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PHILADELPHIA - The NCAA is celebrating its silver anniversary of women's sports sponsorship.
However, the 25th season of NCAA women's basketball is expected to harvest much that is pure gold.
Players who once fought for national titles are becoming the new generation of successful coaches.
Kim Mulkey-Robertson, who played on the first NCAA championship team, at Louisiana Tech in 1982, became the first to also lead a team to a national crown from the bench when Baylor beat Michigan State in Indianapolis last spring.
Joanne P. McCallie, coach of the runner-up Spartans, was a star at Northwestern.
Dawn Staley, a two-time national player of the year at Virginia in the early 1990s, made good on her vision for Temple when the Owls cracked the Associated Press women's poll for the first time in her fifth season.
The old-timers have not faded, however.
No. 2 Tennessee, under Pat Summitt, will make a serious challenge for a seventh title now that freshman sensation Candace Parker is ready to make her collegiate debut after being sidelined with knee injuries.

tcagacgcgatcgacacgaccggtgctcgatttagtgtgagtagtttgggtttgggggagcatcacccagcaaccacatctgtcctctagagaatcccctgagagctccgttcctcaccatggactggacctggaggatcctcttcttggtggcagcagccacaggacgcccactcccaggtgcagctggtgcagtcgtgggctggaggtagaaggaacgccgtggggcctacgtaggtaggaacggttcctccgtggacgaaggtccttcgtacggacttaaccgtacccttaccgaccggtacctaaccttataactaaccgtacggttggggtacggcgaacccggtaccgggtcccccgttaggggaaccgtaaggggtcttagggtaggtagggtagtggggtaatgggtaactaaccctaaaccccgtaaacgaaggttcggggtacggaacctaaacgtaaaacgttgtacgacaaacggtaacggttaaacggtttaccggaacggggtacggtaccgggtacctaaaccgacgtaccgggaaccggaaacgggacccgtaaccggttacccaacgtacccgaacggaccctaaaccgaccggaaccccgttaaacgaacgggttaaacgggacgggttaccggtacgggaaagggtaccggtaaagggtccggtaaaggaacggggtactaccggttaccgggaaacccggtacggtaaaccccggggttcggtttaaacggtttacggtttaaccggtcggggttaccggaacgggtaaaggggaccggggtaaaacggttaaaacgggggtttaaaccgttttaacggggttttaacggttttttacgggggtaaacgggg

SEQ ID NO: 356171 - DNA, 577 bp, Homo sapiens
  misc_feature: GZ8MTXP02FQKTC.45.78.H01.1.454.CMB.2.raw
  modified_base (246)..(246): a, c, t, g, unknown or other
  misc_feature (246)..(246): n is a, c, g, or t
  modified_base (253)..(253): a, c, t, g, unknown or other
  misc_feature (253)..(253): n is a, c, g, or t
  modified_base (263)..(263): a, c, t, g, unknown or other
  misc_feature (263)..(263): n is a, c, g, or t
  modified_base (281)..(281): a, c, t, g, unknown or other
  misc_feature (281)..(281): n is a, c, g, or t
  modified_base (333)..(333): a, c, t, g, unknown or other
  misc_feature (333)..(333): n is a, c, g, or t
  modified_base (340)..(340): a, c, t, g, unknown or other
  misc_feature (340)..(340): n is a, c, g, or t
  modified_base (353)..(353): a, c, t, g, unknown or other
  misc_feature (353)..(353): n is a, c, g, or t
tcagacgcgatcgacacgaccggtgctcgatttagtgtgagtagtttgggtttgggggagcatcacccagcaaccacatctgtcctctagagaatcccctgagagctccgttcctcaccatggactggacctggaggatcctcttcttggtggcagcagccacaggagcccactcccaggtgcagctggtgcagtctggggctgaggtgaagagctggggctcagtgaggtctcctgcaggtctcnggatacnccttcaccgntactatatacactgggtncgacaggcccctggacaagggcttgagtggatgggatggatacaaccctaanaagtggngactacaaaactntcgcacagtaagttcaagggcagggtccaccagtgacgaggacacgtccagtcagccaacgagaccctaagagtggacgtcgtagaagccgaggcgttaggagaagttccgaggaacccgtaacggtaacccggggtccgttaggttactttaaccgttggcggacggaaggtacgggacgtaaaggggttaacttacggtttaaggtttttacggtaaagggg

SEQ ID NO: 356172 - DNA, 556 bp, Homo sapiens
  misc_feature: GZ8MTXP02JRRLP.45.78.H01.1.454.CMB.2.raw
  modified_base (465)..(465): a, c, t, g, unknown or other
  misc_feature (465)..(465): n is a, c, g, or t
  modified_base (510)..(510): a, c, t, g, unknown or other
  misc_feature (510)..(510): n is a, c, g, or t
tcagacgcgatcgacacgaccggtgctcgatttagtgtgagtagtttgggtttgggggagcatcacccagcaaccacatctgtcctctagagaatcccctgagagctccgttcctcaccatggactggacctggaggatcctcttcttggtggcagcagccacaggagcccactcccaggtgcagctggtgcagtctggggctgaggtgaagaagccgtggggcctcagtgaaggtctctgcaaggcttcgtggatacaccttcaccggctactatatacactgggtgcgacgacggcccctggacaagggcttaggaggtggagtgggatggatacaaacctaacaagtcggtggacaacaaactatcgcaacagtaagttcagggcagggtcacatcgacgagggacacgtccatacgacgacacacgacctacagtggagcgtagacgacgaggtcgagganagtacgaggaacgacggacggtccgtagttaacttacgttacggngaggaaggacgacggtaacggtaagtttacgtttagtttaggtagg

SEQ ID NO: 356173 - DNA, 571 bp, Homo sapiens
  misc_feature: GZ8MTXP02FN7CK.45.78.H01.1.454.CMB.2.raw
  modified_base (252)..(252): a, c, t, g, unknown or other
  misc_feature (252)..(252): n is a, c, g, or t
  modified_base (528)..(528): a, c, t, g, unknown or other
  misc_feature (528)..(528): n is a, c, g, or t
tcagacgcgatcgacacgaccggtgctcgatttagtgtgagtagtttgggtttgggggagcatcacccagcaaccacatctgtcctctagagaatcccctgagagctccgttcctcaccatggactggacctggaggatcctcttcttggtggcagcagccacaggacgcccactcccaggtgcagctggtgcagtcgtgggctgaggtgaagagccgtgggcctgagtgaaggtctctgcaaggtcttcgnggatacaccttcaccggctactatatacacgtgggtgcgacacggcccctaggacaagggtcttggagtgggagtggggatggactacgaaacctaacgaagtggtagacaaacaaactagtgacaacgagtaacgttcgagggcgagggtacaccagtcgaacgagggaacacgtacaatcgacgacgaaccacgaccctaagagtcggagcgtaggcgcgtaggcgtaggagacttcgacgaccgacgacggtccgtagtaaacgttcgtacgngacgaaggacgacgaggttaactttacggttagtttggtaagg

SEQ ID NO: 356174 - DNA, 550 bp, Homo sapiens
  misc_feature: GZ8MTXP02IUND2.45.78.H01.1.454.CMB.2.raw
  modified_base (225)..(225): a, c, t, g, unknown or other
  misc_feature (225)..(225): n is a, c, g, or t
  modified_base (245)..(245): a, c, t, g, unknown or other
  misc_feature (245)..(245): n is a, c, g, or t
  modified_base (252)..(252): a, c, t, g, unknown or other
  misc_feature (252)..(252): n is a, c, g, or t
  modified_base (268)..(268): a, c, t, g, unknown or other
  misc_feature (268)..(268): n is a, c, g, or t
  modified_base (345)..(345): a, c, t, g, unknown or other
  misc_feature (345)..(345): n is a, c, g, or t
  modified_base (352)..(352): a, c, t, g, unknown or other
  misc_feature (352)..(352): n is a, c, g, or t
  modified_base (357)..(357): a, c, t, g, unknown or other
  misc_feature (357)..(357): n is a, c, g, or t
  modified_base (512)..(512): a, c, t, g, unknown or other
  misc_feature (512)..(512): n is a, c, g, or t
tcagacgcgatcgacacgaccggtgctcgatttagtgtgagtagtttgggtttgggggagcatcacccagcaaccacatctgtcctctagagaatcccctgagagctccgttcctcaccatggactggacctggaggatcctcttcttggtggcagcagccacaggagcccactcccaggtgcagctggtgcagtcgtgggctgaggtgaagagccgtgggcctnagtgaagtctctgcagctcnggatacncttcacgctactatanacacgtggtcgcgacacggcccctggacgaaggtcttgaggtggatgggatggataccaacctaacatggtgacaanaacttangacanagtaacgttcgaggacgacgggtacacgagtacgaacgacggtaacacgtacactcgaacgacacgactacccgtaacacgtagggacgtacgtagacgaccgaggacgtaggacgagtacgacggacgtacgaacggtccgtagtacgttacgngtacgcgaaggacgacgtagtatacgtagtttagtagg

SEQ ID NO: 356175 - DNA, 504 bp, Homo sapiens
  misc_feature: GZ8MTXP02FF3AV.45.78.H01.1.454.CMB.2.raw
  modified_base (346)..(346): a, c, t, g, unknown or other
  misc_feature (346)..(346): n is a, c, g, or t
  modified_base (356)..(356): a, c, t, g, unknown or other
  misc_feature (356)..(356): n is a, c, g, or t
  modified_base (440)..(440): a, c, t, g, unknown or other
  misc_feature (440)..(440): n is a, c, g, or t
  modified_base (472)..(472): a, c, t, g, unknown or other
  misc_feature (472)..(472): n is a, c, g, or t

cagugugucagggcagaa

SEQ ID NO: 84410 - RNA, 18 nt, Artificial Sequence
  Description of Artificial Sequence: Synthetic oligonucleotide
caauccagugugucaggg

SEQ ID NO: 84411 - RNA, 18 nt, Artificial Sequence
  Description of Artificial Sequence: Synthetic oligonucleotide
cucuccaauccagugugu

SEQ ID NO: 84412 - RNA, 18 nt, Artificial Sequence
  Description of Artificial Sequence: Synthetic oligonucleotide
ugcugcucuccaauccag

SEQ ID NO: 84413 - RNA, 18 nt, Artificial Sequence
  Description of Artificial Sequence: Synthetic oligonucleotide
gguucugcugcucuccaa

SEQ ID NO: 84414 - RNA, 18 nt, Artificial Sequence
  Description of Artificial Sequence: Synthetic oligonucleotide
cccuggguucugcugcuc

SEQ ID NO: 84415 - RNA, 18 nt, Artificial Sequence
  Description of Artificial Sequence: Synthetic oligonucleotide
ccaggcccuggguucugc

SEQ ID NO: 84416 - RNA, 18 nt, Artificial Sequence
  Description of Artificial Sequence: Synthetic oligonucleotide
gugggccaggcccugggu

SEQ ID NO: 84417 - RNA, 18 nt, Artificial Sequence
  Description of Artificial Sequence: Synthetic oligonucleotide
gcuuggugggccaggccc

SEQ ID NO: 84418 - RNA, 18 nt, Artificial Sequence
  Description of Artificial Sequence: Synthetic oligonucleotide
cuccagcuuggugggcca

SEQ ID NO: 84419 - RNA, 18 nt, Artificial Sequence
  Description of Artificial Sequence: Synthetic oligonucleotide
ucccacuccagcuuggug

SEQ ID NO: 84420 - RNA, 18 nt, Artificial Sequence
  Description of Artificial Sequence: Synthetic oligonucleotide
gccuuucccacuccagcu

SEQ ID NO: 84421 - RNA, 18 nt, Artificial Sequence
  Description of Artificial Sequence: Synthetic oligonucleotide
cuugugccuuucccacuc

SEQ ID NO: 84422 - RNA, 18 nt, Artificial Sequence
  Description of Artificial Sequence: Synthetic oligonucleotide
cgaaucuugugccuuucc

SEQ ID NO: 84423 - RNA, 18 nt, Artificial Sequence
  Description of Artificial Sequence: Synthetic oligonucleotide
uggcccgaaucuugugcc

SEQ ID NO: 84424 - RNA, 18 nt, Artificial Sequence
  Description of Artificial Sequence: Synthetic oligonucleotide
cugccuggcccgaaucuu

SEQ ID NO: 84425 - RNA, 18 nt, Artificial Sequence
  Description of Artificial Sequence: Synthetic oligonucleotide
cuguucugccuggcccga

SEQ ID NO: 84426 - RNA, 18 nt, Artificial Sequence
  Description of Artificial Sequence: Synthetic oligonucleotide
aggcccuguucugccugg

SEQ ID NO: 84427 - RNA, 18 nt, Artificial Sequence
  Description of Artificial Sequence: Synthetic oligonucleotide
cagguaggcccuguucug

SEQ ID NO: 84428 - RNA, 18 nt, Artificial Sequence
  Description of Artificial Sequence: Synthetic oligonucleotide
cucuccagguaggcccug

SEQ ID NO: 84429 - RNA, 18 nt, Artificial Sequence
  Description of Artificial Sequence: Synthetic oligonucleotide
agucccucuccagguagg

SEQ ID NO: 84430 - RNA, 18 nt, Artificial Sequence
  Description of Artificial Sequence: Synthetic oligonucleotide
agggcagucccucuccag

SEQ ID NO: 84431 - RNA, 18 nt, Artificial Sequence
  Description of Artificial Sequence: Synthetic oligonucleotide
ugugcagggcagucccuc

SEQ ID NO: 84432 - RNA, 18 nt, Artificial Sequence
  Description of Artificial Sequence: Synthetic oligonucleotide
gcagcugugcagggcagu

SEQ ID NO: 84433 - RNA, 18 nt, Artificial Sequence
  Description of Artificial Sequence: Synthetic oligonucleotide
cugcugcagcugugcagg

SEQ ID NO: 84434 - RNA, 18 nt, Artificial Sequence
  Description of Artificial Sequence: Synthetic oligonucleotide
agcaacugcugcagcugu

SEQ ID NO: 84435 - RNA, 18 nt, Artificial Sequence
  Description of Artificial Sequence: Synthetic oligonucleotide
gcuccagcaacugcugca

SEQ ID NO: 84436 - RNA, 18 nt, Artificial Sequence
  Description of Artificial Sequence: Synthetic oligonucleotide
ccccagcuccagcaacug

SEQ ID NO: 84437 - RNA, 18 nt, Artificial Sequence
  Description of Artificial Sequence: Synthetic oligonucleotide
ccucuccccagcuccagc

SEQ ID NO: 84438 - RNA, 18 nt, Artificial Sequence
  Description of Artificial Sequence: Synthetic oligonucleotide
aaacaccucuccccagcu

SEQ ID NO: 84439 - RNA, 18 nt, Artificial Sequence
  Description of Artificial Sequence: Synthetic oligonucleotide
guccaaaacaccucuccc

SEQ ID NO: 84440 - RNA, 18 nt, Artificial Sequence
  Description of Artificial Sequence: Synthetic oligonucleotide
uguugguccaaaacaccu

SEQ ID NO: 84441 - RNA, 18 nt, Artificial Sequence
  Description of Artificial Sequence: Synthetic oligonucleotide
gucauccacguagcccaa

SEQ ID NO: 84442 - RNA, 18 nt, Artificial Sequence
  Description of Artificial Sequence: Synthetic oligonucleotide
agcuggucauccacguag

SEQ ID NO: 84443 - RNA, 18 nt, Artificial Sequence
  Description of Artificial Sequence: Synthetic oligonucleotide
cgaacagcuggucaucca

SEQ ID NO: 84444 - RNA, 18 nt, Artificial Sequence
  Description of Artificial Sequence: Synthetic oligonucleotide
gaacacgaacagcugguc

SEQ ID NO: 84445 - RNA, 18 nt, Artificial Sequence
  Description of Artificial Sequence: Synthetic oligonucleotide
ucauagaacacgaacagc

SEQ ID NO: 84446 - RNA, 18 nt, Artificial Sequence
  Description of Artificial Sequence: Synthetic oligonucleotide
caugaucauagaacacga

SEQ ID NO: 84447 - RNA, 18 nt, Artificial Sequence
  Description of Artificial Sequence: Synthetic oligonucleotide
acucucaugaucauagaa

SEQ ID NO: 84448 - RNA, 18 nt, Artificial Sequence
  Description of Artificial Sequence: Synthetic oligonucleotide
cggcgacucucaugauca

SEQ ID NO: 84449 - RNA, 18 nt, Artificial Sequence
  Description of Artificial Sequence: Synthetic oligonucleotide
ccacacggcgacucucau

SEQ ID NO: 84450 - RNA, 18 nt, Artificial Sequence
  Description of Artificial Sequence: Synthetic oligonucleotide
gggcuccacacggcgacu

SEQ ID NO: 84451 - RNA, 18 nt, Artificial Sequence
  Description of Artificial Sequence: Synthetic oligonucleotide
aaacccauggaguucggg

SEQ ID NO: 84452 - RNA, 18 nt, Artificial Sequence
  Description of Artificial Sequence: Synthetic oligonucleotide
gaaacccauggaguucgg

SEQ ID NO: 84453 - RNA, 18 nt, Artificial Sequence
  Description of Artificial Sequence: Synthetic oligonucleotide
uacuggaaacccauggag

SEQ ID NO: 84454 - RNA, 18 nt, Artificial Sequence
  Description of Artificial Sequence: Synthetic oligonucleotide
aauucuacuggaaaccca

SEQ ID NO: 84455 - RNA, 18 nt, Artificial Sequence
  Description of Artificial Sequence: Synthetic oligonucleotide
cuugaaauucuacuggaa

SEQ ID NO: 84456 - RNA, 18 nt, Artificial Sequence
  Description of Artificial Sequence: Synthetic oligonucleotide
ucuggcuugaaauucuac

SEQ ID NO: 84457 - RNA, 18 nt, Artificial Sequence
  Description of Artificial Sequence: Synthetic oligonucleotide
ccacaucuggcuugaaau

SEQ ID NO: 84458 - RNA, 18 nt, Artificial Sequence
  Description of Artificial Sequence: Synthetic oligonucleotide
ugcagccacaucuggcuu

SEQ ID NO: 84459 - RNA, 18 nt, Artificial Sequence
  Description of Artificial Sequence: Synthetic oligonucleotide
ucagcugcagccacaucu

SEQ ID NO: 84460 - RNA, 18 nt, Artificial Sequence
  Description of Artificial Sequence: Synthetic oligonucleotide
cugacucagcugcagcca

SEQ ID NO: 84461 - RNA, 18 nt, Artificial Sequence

No. 9 Connecticut's run of three straight national crowns and five straight Final Four trips ended last year. But Geno Auriemma's bunch may make that a short absence with the addition of Brittany Hunter, a prominent transfer from Duke.
The Huskies, however, are no longer the Big East favorite. That would be Rutgers, with a No. 5 preseason national ranking under C. Vivian Stringer, who has fifth-year senior Cappie Pondexter back to run the show.
Ohio State, under former St. Joseph's coach Jim Foster, is the Big Ten favorite. Duke, the preseason No. 1, is favored in an Atlantic Coast Conference that also has such powerhouses North Carolina and Maryland.
Stanford is the best of the West under veteran Tara VanDerveer and sophomore star Candice Wiggins.
Senior Seimone Augustus, likely to be the No. 1 pick of the WNBA draft in April, has Louisiana State in contention again after being the national consensus player of the year.
Baylor, the defending NCAA champion and the Big Twelve favorite, will have to deal with Texas and Texas Tech.
"No question it gets tougher every year to put together the NCAA field," said American University athletic director Joni Comstock, the new chairwoman of the women's selection committee. "But for those of us who have been around the game a long time, it is very gratifying to see how it has grown."
(c) 2005, The Philadelphia Inquirer. Distributed by Knight Ridder/Tribune News Service.